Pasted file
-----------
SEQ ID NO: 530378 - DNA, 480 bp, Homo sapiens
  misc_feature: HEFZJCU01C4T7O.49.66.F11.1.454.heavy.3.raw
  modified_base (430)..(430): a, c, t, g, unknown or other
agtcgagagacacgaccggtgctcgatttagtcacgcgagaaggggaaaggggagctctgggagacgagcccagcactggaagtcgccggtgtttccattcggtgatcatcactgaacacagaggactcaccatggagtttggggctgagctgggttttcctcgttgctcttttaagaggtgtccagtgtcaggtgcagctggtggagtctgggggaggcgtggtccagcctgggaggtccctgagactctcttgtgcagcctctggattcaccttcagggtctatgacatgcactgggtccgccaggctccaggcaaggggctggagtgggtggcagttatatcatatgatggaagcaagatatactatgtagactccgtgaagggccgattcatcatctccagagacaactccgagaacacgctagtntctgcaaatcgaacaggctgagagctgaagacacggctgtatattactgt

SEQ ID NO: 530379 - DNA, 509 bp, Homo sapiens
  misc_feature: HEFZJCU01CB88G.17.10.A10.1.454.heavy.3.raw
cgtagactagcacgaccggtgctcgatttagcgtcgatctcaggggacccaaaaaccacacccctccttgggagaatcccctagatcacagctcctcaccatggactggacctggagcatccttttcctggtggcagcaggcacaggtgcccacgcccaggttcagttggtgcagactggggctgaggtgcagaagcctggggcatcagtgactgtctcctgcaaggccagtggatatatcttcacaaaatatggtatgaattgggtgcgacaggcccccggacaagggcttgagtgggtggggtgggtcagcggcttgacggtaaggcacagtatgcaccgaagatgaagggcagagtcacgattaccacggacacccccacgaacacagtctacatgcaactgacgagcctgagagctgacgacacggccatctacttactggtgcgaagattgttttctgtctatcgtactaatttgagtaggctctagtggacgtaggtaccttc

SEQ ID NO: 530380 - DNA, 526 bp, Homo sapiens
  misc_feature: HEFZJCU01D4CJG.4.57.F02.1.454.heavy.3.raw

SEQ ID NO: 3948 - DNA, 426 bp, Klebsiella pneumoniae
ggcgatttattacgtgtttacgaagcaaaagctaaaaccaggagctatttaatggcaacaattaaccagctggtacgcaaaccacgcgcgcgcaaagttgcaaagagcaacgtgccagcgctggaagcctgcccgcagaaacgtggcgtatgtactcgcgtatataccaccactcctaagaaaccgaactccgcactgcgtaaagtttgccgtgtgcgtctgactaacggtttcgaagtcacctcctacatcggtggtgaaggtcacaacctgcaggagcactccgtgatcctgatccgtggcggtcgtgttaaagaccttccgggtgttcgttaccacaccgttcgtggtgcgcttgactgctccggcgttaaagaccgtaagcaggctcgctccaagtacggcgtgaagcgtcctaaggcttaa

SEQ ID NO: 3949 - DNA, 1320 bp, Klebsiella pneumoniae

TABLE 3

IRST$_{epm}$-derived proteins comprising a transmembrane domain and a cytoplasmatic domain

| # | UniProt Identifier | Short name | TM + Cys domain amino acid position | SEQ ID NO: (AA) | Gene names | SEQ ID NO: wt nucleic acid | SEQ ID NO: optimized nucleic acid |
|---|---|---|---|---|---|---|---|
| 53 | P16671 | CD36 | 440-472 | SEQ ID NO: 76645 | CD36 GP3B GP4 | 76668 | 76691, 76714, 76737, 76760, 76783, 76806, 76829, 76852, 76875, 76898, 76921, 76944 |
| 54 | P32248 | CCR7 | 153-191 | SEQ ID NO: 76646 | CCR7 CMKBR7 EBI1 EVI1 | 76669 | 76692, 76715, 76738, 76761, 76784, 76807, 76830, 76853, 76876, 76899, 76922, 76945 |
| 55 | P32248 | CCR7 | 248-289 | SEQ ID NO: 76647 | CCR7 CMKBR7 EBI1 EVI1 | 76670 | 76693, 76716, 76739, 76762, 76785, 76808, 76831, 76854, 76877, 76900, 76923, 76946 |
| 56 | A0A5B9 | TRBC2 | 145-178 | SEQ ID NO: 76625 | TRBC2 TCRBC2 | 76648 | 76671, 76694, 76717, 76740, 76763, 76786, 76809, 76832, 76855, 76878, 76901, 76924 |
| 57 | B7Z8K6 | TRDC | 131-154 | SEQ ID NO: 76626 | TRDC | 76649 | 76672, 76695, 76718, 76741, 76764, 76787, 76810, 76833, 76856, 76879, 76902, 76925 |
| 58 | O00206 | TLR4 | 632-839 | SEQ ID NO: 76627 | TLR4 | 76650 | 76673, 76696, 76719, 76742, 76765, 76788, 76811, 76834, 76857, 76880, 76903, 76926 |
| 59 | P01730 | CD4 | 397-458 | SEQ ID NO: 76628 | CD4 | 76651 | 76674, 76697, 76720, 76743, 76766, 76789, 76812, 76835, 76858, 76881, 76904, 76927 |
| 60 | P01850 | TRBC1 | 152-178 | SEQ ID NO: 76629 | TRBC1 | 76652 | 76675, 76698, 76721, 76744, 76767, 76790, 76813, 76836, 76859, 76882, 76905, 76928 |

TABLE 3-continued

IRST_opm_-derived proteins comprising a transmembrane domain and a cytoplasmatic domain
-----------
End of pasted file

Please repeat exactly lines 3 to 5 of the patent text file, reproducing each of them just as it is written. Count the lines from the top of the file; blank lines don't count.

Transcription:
  modified_base (430)..(430): a, c, t, g, unknown or other
agtcgagagacacgaccggtgctcgatttagtcacgcgagaaggggaaaggggagctctgggagacgagcccagcactggaagtcgccggtgtttccattcggtgatcatcactgaacacagaggactcaccatggagtttggggctgagctgggttttcctcgttgctcttttaagaggtgtccagtgtcaggtgcagctggtggagtctgggggaggcgtggtccagcctgggaggtccctgagactctcttgtgcagcctctggattcaccttcagggtctatgacatgcactgggtccgccaggctccaggcaaggggctggagtgggtggcagttatatcatatgatggaagcaagatatactatgtagactccgtgaagggccgattcatcatctccagagacaactccgagaacacgctagtntctgcaaatcgaacaggctgagagctgaagacacggctgtatattactgt

SEQ ID NO: 530379 - DNA, 509 bp, Homo sapiens